So on the control input front, it has nothing to do with elitism. People use steering wheels, and advise others to buy steering wheels, because it’s the right tool for the job. Nothing to do with fear of being shown up by new kids on the block; it’s simply not practical to try and race with anything other than a steering wheel. Unless you’re a freak of nature who’s busting out incredible times right off the bat, what ends up happening 99% of the time is that you’ll get run over, cause a bunch of accidents because you can’t keep the car under you, and people will get mad because you’re wrecking more than everyone else – the kid at the go-kart track who just can’t figure out what it takes to go fast.
You do have a point in that sim racers don’t need to push high end wheels on the average community member. Look, most of the people that buy these wheels are what some call “sim dads” – older gentlemen who throw copious amounts of money at their hobby because that’s what they feel like doing. Most of these guys aren’t very fast drivers to begin with, and so the misconception of a wheel improving their driving ability spawns from their online discussions, leading to an abundance of misinformation floating around. You can’t always tell how fast people are from message board posts, so what happens is that many of the discussions from people claiming to have gotten faster after buying a Direct Drive wheel are actually guys who sucked to begin with. That’s just something you learn from experience, however.
We’re getting to the controversial part of the article now, and that is the sim rig which inspired you to send in this submission. Look, it’s very important to make this clear – this project came about largely in part due to the overall intelligence level of iRacing’s community. With how much iRacing’s marketing team like to talk about real drivers using their software, a lot of individuals have wrongly interpreted this as believing some sort of NASCAR driver will “discover them” on iRacing and put them in a real car sight unseen – as if iRacing is a legitimate substitute for having some kind of amateur auto racing career.
I wish I was kidding about that, but because no professional driver has actually taken the time to outright dispel this myth, you have quarter-truths floating around as fact, perpetuated by entire groups of people who either aren’t old enough to understand that this isn’t how things work in the world of auto racing, or haven’t been exposed to people who can snap them back to reality with the other three quarters of the story.
This sim rig isn’t proof that the sim community aggressively pushed him into building something so preposterous with money he didn’t have just to play iRacing, but rather displays an online environment where so much misinformation had been floating around, several people who could have told him he was being ridiculous, didn’t, because they also believed in those quarter-truths.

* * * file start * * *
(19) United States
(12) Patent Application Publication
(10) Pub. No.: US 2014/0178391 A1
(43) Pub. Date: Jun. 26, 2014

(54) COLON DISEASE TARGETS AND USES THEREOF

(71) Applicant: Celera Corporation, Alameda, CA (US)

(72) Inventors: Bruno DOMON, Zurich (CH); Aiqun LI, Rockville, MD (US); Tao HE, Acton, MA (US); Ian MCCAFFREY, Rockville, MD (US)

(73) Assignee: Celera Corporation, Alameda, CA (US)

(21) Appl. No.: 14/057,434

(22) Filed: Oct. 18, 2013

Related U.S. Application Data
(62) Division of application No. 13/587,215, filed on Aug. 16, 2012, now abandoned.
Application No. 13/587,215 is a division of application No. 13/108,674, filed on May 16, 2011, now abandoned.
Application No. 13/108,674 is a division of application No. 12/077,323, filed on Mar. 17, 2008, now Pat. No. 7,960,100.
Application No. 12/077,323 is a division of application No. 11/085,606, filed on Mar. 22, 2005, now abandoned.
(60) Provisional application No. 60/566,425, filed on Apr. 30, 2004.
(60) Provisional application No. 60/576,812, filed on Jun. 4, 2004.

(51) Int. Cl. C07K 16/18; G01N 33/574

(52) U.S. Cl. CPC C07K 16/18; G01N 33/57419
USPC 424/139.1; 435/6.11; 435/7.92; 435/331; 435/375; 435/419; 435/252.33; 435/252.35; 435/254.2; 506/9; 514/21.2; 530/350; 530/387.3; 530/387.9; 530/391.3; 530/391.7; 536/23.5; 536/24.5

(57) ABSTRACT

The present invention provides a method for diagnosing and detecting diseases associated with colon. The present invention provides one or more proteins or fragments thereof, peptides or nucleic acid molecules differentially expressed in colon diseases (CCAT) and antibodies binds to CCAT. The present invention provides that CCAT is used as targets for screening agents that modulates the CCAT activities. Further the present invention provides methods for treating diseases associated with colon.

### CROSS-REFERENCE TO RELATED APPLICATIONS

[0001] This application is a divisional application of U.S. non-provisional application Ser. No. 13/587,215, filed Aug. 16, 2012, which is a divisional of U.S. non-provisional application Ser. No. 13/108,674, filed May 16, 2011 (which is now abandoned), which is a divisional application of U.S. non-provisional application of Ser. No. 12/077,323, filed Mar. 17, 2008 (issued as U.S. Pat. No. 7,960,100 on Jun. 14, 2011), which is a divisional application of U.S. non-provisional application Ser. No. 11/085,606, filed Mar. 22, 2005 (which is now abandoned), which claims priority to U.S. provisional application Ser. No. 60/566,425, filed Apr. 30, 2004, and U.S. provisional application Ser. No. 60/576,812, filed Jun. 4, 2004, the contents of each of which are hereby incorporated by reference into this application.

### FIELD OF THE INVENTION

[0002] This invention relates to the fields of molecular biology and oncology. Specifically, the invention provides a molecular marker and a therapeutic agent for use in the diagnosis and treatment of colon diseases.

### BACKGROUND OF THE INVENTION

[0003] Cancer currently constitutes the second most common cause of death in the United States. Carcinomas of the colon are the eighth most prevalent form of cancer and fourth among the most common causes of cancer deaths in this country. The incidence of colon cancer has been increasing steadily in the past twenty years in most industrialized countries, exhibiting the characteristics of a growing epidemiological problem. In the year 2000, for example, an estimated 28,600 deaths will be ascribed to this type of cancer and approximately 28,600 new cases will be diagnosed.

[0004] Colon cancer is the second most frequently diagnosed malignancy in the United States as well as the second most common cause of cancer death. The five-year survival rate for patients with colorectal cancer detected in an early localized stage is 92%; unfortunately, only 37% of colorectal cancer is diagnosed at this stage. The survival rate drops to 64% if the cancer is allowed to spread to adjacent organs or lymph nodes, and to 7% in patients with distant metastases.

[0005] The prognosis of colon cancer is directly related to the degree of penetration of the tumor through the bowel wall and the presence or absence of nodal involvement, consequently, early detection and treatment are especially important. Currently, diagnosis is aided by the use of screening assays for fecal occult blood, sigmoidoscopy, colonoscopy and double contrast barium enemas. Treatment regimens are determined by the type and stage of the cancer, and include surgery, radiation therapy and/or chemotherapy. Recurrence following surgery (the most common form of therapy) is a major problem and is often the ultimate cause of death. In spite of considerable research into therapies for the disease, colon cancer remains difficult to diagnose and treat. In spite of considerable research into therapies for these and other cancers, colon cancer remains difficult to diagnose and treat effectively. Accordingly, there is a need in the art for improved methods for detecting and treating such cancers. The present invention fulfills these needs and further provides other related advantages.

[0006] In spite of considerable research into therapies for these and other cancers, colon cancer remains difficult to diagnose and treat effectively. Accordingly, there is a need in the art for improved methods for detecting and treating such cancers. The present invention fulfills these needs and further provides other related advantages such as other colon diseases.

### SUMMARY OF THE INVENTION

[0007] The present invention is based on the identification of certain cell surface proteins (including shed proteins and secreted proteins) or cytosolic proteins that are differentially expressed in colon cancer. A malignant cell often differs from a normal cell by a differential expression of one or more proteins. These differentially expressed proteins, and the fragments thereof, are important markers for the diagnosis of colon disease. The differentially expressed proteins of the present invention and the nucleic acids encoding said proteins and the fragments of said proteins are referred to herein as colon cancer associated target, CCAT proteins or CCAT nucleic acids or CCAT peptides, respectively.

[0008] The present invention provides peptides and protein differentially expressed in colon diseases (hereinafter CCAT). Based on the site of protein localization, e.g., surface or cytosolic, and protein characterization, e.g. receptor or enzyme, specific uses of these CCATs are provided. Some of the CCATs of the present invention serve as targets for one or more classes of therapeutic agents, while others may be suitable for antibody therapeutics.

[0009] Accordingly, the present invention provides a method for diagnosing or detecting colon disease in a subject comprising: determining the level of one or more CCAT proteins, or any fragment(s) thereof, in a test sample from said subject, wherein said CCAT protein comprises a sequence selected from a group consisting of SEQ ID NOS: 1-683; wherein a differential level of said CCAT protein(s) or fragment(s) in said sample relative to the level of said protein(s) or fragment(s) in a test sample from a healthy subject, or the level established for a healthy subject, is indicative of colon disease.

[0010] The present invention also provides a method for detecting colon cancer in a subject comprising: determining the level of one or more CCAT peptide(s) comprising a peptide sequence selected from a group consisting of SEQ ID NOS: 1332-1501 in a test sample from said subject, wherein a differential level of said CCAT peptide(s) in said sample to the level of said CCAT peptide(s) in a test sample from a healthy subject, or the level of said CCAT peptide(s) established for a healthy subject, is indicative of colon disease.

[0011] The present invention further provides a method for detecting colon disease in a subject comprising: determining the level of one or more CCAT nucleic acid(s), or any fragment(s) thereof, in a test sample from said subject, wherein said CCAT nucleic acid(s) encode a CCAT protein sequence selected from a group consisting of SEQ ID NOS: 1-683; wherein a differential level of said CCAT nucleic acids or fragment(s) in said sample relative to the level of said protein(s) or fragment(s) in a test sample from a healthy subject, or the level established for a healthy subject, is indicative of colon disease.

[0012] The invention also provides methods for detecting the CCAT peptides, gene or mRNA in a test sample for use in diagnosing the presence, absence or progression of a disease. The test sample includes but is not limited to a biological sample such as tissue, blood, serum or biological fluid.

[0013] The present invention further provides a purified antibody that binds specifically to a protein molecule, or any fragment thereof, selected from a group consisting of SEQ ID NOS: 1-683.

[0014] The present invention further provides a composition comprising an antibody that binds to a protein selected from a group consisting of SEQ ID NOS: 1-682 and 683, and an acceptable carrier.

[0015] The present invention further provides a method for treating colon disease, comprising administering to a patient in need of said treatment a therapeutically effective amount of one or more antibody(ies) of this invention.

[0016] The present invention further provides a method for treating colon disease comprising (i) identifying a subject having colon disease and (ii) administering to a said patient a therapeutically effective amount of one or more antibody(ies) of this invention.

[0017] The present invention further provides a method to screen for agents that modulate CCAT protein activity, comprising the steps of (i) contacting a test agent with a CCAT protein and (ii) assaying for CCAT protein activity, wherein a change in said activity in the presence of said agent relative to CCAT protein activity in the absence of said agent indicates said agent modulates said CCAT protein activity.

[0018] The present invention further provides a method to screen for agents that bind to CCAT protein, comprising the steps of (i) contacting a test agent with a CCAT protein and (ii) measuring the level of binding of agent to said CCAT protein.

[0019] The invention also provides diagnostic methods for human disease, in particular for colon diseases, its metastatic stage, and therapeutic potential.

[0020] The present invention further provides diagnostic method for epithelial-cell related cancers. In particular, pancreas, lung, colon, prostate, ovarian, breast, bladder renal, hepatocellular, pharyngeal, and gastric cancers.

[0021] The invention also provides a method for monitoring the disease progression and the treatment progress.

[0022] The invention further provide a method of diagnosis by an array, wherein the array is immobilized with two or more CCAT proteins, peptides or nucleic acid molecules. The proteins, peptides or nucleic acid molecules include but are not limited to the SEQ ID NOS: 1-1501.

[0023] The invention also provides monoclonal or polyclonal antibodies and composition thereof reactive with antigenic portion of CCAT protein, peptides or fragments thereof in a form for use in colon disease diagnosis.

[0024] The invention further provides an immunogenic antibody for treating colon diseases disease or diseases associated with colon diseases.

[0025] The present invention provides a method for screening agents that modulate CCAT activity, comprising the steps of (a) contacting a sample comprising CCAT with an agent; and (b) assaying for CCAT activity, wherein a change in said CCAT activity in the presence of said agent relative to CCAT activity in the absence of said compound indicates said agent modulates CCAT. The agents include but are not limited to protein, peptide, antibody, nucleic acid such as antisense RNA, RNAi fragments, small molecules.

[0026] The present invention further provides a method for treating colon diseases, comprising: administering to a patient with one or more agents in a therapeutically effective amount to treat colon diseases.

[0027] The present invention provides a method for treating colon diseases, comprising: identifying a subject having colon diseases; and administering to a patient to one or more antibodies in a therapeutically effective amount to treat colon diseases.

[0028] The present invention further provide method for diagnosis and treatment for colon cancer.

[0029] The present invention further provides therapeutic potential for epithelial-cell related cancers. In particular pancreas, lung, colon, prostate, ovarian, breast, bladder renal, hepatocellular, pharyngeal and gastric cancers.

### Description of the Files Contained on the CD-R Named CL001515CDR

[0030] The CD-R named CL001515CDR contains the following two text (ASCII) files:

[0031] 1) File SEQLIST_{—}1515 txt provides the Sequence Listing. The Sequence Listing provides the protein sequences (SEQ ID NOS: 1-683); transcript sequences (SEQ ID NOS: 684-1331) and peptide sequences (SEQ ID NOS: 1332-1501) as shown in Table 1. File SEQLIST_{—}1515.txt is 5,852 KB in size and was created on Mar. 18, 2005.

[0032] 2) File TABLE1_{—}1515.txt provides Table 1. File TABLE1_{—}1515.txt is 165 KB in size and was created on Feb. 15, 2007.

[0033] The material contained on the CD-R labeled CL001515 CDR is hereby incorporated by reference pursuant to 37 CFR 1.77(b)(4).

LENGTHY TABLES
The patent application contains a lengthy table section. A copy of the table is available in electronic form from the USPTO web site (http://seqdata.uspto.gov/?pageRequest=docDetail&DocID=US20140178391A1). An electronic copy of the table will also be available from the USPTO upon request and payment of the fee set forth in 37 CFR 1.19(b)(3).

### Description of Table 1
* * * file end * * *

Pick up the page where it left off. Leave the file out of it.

No, absolutely not.
With games like Euro Truck Simulator 2, at their core they are very simple experiences that don’t require much knowledge of absolutely anything related to the trucking industry to get a fair bit of enjoyment out of it. When it comes to traditional racing simulators, however, the basic act depicted in the software is not idling in traffic, but rather driving a high performance race car – a skill that you don’t just pick up overnight. I’m not sure why you’d ever believe people would just suddenly figure out the art of performance driving as easily as they’d pick up Guitar Hero or Halo. Up here, people can’t even drive the speed limit when it snows without a spontaneous date with the nearest ditch; what makes you think the average Joe will flock to this when forced to approach the same situation at three times the speed?
League of Legends is popular because everyone and their computer illiterate friend can pick it up for free, click around, and possibly win a few matches once they understand the core concept of the game. But in race car simulators, unless you go into it knowing full well what’s expected of you when behind the wheel of a purpose built race car on a closed circuit, you’re going to crash, and the game really doesn’t give a shit. There aren’t ways to make this easier for outsider users curious about the subject matter, because physics engines quite frankly don’t give a fuck if you aren’t using a wheel or are unsure of what the proper braking technique is. And they shouldn’t have to – sim developers know what their target audience is, and that’s who they build their games for.
Can the community be less retarded? Absolutely, though the examples and reasoning you’ve provided have been admittedly quite poor, though I’ll let our readers chime in on this one.